Coptic Orthodox Synod on Wadi al-Rayan monastery

23-03-2016 02:42 PM

Nader Shukry


The Holy Synod of the Coptic Orthodox Church has issued a statement explaining the Church’s position of the predicament of the Monastery of St Macarius the Alexandrite at Wadi al-Rayan in Fayoum some 150km southwest Cairo.


“The Holy Synod of the Coptic Orthodox Church condemns the disgraceful outlaw actions by a few men who took residence in Wadi al-Rayan. The larger number of the Wadi al-Rayan community, however, wish to lead a quiet life that would qualify them in the future to become monks in the canonical sense recognised by the Church.

“The Holy Synod stresses that the Church has not as yet recognised the Wadi al-Rayan premises as a Coptic Orthodox monastery. The fact that those residing there don black habits does not mean that they are monks. The residence of a monk necessitates specific regulations, conditions and traditions; and requires permission from the Church leadership. This is the case with all Coptic monasteries, but it was not applied in case of Wadi al-Rayan. Letters signed by His Holiness the Pope during the first weeks into his papacy [in which the Wadi al-Rayan conglomerate was referred to as a monastery] were written in order to facilitate dealings with governmental authorities, such as Fayoum governorate and the antiquities authorities, and to pave the way for a Church recognition of the place as a monastery. This correspondence was no acknowledgment or recognition of a monastery or monks in Wadi al-Rayan, since the Holy Synod headed by His Holiness the Pope is the only authority entitled to issue such a recognition in an official session, and this comes only after thorough studies of the qualifications of the place and the community living in it.

“We note that the fact that the ID cards of some of those living at Wadi al-Rayan cite them as monks was done hastily, possibly for the civil authorities to have some basis upon which to deal with them, and does not imply that the Church recognises them as monks.

“Ever since the aggravation of the crisis in October 2015 the Pope, together with the members of the monastic affairs committee and a number of bishops, priests, monks, laymen, officials and government representatives, have held a series of meetings with the so called monks. They exercised the utmost patience to attempt to persuade the Wadi al-Rayan community to give up stubbornness, arrogance and defiance, and to refrain from unnecessarily obstructing a national development project. The ‘monks’, however, responded by affronting their religious leaders; they did not observe obedience which is pivotal among the principles and vows of monastic life. But all efforts failed even though several excellent proposals were made to solve the crisis. The sad result was that the outlaw actions by a number of the Wadi al-Rayan residents resulted in their arrest by the police; official investigations into the matter are ongoing.

“We call upon the media for accurate and conscientious reporting on the topic, whether in news, features or comments. The Egyptian Church is a solid spiritual entity which has behind it time-honoured traditions in all aspects of ecclesiastical affairs as well as in the service, educational and monastic institutions; and has introduced the entire world to Christian monastic life. It is unheard of that monks should speak in discourteous, aggressive manner to their leaders.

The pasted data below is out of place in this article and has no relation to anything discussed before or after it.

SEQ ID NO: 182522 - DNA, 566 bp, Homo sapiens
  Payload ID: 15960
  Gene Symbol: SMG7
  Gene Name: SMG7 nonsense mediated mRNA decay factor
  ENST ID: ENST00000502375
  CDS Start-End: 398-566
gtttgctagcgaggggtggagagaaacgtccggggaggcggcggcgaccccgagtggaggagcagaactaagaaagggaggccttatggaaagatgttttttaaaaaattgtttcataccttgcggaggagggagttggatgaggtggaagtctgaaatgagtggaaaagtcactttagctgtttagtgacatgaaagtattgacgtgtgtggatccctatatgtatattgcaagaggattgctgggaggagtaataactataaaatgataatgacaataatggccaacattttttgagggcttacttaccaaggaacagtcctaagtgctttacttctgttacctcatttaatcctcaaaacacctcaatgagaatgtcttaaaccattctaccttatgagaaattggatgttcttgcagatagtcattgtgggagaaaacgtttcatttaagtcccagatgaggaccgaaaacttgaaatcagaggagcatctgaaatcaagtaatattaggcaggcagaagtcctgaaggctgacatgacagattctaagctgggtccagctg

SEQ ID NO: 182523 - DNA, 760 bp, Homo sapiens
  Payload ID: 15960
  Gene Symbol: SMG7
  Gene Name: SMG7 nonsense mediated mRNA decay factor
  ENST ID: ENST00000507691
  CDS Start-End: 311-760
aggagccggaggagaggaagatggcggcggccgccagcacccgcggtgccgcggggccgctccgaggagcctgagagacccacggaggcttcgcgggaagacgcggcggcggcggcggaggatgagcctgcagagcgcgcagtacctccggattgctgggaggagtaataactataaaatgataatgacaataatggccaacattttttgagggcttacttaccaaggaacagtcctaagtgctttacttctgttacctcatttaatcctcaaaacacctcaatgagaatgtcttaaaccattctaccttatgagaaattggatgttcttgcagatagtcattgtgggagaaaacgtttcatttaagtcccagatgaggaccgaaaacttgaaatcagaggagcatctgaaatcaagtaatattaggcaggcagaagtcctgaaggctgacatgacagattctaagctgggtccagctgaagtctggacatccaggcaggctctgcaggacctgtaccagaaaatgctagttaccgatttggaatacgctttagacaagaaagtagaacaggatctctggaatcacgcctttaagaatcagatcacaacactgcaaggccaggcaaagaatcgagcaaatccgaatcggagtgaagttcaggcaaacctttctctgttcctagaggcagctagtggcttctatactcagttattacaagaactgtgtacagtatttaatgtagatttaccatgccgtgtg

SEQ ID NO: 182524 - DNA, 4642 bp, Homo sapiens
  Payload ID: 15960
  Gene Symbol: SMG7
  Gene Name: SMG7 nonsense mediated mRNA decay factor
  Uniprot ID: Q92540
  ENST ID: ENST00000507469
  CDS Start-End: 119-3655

“We also call upon the relevant State authorities to swiftly legalise the registration of the apparel of priests and monks and make it official. This would make it not possible for any one to illegally take on a clerical status, and disturb thus Church and social peace, sow confusion among the congregation and citizens—as is happening now in case of Wadi al-Rayan—and unduly distort Egypt’s safe image before the world community.

“The Holy Synod appreciates all the sincere efforts that were exerted by governmental, civic and Church authorities in order to cordially solve the crisis. The Holy Synod confirms that Egyptian monasticism was founded on the principles of voluntary poverty, heartfelt obedience, life of chastity, peaceful isolation from the bustle of life, turning one’s entire life to prayer, praise and meditation, and sufficiency with the little. This pure monasticism is what made the monasteries the destination of many Egyptians and foreigners, for them to receive the blessing of this spiritual life. They sought the purity of the heart and serenity of soul nurtured by the righteous and saintly figures who populated the Egyptian wilderness and deserts.

“We are confident that the Hand of the Almighty God will work the best in this crisis. Hardship will end through wisdom; in order for those among the Wadi al-Rayan community who wish to lead a monastic life of peace, and for the nation to successfully fulfil its development projects for the prosperity of all Egyptians. God save our precious Egypt and our sacred Church from all evil.

Cairo, 22.03.2016

The Secretariat of the Holy Synod”


The Coptic Orthodox monastic community that had settled down at the site of the ancient cave monastery of St Macarius in Wadi al-Rayan in Fayoum had had to leave in the wake of conflict between the monastery on one hand and the Coptic Church leadership and Egyptian government on the other. The crisis erupted in September 2014 in the wake of government plans to build a road which would pass into land illegally claimed by monastery.


Watani International

23 March 2016




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